by Ed Halmagyi


I guess it had something to do with growing up in a part-European household, but when I was a kid there always seemed to be walnuts in the cupboard.

I’m not suggesting that there’s anything wrong with that, quite the contrary. Walnuts were a staple ingredient in my carrot cake, in the dense apple and chocolate cake mum made on occasion, and in muffins when they appeared.

But that’s my point. Walnuts only ever seemed to emerge when some form of baking was involved. They were kind of a mature nut, a grown-up nut.

Think about it, nuts have personality. Hazelnuts are the well-travelled rich family up the street, while cashews are the dilettante uni student quoting Kafka without understanding it. Almonds are the suburban mum constantly working without complaint, macadamias are gluttonous, pistachios are gloriously eclectic and peanuts are the local barfly.

But walnuts, well they have an elegance and importance about them that goes beyond simple flavour. I guess it’s no surprise that the common walnut is actually known as the ‘regal walnut’. Sounds about right to me.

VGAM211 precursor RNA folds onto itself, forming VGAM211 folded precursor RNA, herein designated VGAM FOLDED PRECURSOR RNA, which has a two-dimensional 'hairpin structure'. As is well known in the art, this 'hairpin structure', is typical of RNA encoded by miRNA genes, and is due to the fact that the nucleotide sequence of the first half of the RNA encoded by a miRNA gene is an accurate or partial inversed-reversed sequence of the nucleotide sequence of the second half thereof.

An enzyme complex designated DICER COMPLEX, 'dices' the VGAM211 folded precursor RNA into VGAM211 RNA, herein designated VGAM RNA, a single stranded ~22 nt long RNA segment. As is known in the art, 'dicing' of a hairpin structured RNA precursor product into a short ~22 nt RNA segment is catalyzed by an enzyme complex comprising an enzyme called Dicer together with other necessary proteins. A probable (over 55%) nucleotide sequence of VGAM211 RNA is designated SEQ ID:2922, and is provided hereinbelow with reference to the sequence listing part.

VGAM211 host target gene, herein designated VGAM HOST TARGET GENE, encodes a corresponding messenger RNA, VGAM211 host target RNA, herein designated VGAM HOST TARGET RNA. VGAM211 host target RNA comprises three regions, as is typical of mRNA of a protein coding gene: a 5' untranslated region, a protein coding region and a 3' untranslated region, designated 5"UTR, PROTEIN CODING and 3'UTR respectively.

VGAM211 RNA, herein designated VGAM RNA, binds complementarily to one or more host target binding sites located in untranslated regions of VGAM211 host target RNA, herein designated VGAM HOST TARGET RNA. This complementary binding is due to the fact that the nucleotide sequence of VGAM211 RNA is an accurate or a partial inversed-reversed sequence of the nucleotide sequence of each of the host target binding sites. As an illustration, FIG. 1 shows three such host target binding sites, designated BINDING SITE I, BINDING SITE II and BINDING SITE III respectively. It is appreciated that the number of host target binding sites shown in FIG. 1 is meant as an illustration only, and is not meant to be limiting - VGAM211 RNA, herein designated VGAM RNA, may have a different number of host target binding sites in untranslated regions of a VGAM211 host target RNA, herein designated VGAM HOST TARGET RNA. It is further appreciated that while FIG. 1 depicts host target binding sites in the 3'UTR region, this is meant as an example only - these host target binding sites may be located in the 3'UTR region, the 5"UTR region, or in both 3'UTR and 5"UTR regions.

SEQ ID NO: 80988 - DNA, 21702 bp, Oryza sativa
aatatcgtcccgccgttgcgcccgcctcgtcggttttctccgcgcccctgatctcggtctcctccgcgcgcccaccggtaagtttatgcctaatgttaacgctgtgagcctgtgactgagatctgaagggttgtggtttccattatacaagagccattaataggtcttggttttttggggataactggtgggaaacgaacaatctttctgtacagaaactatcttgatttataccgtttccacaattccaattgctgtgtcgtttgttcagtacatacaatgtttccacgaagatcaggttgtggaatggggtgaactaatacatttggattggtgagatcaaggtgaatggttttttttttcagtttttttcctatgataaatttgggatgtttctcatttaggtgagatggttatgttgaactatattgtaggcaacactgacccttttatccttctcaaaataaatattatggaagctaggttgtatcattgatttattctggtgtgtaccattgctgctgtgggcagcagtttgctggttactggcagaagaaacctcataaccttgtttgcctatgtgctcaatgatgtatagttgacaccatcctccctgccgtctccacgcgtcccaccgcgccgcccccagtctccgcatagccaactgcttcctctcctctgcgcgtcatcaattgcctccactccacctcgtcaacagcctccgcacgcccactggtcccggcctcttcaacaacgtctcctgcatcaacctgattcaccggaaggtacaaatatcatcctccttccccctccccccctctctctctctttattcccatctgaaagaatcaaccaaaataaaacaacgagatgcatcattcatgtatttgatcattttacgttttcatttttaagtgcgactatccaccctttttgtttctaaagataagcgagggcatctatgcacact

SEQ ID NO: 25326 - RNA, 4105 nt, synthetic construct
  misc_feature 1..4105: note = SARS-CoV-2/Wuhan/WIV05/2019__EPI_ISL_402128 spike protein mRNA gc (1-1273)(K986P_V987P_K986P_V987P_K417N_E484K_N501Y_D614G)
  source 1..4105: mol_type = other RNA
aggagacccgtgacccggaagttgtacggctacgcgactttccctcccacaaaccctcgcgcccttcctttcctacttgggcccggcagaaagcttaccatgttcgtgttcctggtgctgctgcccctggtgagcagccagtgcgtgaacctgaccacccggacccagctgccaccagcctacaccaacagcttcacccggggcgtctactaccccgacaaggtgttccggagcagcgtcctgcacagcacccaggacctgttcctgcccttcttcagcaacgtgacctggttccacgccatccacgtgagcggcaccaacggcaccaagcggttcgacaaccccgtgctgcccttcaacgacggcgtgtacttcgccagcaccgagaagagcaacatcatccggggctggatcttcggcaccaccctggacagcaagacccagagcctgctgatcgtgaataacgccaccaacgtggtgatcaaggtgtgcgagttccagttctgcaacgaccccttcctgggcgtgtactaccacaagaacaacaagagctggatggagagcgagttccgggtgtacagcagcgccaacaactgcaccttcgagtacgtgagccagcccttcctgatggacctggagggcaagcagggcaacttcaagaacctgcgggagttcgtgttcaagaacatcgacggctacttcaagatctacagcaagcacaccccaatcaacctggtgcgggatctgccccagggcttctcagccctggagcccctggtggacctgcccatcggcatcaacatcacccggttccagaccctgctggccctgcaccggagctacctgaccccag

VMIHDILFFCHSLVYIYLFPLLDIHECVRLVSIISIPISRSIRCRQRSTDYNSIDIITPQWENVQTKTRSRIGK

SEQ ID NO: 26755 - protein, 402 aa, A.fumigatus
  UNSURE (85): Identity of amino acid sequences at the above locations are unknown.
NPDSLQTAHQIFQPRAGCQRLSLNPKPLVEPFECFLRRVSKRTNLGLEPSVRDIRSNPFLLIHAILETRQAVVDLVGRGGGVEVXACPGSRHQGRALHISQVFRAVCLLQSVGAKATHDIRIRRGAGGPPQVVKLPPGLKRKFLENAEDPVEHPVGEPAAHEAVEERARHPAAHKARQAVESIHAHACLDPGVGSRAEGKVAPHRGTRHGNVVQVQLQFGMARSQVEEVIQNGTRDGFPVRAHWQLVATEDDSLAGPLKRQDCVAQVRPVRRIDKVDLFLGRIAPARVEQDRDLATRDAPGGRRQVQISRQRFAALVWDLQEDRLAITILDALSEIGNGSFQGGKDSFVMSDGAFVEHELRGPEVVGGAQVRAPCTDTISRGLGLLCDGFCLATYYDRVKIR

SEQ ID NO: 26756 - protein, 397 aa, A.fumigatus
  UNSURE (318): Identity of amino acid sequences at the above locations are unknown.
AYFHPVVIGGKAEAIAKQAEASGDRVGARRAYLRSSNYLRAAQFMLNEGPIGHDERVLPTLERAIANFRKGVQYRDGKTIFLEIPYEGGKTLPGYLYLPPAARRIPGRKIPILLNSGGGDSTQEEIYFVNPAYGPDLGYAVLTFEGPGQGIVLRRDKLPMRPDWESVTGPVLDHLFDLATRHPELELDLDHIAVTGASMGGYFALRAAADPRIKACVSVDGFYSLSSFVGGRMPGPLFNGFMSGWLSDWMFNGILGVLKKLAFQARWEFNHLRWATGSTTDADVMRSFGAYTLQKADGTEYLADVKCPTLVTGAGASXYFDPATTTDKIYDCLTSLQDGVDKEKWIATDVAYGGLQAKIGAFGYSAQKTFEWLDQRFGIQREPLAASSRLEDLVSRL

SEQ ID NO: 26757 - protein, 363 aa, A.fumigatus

Walnuts are native to the northern Mediterranean, particularly France, Italy and Croatia, although these days the largest crops are in California. There are several varieties grown throughout the world, and not all are of an equal quality. The best walnuts are the ‘English’ varietal and should be dark tan in pigment, evenly-coloured and aromatic. Cheaper walnuts (usually the ‘Black Walnut’) will usually have dark or black spots and no identifiable aroma. Black walnuts are perfect for making Italian-style liqueurs, but have an acidic and bitter aftertaste when consumed raw.

We don’t grow a lot of walnuts in Australia, but there are some farmers in Victoria and southern NSW making a go of it. The big issue is de-shelling. If you’ve ever tried getting a walnut out of its shell in one piece you’ll know what I mean. The machinery used drops each nut into a small compartment around which six metal arms pierce and pull until the shells falls away. A final arm splits the twin lobes and remove the internal pith. Sounds simple? Not quite.

But for all that work, they are delicious!
Waldorf pasta with smoked trout and capers